One week before the primary, 52-year-old Simunovich campaign consultant  Dan Horgan suffered a heart attack while working at the campaign headquarters and died late that day.  A Jersey City native and former South Brunswick mayor, Horgan had become a political operative and ran Jimmy Carter’s 1976 campaign in Ohio.  He later worked in the Carter White House and as executive director of the Democratic National Committee.

A few days later, Simunovich’s mother, Grace, passed away.

Jackman clobbered Simunovich, winning by 7,602 votes – a 64%-36% margin.

West New York went 60%-40% for Jackman.

Jackman won 66% in Union City, 65% in Hoboken, and 61% in the Jersey City portion of the district.  Simunovich carried the two smallest towns in the 33rd: 52% in Weehawken and 59% in Guttenberg.

In a bid to make peace in Hudson County, the organization was prepared to withdraw party support for Simunovich in his 1984 freeholder re-election campaign and allow DeFino to pick his replacement.  That peace treaty fell apart.

Simunovich battled for his survival, but wound up announcing just before the filing deadline that he would not seek re-election, instead backing Guttenberg Mayor Raymond Schnyder for the post.

But when DeFino decided to resign as surrogate to run for freeholder himself, Simunovich dropped his retirement plan and filed for re-election.  He named a Memorial High School teacher, Albio Sires, as one of his campaign coordinators.

After nearly fifteen years of fighting each other, this was the first time Simunovich and DeFino would face off against each other.  While DeFino was the mayor, Simunovich was the West New York Democratic municipal chairman.

DeFino won by a 60%-39% margin, a margin of 1,831 votes – 5,376 to 3,545.

Simunovich was the only incumbent to lose the primary, although Frank Gargiulo nearly ousted North Bergen Mayor Anthony DeVincent in his bid for freeholder.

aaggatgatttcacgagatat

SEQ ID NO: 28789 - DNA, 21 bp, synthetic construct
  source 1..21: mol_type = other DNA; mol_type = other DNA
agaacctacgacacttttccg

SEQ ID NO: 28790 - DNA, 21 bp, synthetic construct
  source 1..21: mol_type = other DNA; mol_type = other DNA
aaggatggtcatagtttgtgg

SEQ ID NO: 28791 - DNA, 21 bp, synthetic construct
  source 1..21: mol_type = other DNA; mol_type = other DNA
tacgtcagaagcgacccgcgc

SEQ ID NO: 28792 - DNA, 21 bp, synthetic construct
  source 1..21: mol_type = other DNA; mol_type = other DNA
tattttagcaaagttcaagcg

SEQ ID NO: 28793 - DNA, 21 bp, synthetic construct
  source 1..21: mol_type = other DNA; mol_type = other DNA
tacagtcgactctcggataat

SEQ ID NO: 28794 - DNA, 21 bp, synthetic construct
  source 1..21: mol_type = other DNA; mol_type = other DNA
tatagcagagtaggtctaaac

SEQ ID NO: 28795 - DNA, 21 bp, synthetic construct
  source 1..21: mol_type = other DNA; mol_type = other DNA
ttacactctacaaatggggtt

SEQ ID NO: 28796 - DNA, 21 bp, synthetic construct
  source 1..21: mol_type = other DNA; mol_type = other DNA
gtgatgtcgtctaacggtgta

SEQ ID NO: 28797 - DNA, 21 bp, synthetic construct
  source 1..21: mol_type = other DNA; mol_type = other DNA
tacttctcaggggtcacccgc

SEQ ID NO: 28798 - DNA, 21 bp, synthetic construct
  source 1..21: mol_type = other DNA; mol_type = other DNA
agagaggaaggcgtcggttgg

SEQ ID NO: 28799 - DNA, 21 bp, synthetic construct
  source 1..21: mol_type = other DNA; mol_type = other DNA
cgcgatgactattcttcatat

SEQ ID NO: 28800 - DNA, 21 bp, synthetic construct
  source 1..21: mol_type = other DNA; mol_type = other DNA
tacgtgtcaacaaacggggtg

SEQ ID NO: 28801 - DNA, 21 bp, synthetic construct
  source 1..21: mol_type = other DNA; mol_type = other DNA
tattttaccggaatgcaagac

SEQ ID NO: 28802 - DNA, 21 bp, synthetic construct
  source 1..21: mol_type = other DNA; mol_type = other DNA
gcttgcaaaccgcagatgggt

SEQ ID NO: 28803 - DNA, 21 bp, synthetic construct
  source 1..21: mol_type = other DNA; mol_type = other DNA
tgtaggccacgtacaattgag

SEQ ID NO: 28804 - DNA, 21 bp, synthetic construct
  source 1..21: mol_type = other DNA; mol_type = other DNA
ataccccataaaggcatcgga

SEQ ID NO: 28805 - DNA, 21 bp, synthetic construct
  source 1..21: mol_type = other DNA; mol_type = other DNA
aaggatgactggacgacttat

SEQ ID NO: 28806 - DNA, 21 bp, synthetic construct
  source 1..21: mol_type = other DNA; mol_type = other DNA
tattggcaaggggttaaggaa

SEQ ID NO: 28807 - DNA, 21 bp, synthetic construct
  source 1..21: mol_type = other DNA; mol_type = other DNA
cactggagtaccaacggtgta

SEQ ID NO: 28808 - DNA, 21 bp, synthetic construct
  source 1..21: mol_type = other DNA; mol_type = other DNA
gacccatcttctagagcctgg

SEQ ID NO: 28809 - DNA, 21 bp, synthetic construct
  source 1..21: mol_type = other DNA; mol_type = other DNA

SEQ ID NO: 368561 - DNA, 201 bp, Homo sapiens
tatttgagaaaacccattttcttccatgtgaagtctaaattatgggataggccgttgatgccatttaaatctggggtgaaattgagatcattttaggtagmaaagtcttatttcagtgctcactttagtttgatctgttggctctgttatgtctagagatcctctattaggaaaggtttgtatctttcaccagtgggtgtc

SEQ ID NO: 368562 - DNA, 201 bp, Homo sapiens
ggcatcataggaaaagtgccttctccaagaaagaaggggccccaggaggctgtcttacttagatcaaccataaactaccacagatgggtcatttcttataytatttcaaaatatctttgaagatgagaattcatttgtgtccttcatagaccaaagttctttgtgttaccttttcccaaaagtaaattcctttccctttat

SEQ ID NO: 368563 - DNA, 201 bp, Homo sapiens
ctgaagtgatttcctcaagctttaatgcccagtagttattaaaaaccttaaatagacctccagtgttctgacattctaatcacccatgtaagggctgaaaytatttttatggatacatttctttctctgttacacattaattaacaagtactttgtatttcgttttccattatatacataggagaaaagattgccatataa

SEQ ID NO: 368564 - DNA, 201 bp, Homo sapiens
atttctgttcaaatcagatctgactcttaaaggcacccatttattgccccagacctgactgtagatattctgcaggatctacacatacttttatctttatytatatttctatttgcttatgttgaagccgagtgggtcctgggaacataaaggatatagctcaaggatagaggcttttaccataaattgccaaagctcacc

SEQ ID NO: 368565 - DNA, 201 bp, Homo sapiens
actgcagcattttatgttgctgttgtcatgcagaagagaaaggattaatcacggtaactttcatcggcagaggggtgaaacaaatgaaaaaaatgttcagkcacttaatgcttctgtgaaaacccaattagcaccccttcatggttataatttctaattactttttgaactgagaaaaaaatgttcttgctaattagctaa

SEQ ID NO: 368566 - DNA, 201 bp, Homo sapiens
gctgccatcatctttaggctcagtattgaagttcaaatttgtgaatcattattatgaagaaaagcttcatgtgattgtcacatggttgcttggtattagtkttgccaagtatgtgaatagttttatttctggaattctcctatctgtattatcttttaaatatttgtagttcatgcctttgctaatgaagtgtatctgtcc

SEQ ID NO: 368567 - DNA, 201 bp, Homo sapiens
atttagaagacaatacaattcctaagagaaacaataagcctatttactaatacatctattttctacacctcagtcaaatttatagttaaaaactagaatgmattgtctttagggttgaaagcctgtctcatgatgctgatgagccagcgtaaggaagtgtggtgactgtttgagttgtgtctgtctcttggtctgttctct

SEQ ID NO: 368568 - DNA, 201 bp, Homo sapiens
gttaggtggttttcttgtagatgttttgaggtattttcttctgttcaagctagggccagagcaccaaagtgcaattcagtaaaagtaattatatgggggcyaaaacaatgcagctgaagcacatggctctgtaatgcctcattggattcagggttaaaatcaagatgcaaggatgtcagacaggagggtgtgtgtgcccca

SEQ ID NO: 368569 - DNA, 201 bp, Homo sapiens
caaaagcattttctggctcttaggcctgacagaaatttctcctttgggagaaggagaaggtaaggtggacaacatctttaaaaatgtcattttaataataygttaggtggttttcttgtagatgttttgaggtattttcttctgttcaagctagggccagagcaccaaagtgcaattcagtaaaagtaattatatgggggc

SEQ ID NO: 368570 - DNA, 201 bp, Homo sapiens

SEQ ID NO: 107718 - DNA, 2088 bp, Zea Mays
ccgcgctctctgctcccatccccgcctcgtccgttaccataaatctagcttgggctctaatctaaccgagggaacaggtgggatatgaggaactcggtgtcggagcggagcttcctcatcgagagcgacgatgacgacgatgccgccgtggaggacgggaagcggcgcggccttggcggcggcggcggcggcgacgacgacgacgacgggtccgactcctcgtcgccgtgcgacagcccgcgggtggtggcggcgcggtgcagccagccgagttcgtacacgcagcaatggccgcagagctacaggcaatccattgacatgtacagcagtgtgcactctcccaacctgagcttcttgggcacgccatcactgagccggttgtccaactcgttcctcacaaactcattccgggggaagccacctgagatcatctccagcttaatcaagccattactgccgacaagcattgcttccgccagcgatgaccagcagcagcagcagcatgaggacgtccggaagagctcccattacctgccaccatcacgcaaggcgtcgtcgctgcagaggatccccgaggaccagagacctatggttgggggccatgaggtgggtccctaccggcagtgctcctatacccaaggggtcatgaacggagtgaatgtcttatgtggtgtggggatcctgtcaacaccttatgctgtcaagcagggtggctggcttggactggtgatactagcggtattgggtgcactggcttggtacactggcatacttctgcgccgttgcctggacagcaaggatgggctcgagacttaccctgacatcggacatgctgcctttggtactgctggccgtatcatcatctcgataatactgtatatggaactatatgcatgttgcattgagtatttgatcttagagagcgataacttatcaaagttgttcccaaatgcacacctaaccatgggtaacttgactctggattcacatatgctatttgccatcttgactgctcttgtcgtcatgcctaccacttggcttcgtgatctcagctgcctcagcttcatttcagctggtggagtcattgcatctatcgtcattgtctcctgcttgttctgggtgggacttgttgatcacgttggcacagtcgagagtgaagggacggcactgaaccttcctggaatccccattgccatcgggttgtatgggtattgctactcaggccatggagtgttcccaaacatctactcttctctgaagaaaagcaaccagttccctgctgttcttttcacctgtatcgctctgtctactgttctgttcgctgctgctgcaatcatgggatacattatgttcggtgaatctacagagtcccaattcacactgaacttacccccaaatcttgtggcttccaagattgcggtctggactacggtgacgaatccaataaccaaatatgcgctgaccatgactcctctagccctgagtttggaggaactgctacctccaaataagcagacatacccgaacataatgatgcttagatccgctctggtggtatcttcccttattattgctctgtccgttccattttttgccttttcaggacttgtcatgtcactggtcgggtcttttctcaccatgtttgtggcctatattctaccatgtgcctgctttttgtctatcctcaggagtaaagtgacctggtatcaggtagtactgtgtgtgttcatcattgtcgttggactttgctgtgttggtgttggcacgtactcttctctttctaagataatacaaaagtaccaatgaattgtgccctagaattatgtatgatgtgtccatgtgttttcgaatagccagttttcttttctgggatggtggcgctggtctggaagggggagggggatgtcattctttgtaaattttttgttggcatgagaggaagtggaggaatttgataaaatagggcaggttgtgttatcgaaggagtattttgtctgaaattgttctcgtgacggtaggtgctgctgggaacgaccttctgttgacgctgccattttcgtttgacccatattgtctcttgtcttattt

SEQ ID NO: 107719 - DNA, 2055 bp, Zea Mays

Out of Office

After his own political career ended, Simunovich moved to Bergen County.  He had moved up the ranks with the Bell Telephone company – later Verizon – and served on the New Jersey Economic Development Authority.

Simunovich was named to the EDA board by Gov. Tom Kean and renominated by Governors Jim Florio and Christine Todd Whitman.  He served six terms on the EDA, the longest tenure in the agency’s history.

He later served as vice president of United Water, President of SUEZ Water Resources and as co-chairman of Hackensack Meridien Health.  He spent five years as chairman of the Bergen County Economic Development Corporation.

In 2002, Gov. James E. McGreevey appointed Simunovich to serve as chairman of the New Jersey Turnpike Authority.  Under his leadership, the Turnpike and the Garden State Parkway were merged.

Simunovich was a prodigious fundraiser and served as finance chairman for U.S. Senator Bob Menendez’s campaign in 2006.

He is a graduate of Colgate University and received a master’s degree from Fairleigh Dickinson University.

Statements on Simunovich’s passing

Assemblyman Nicholas Chiaravalloti (D-Bayonne):  “ A man who dedicated his life to helping others. Joe was a good friend-a tough guy with a big heart and really good political instincts. His leadership in business and nonprofit world was nothing short of transformative. Although he would deflect credit with a wave of his hand and chuckle- Hackensack Meridian Health grew to what it is today because of his influence. He will he missed..”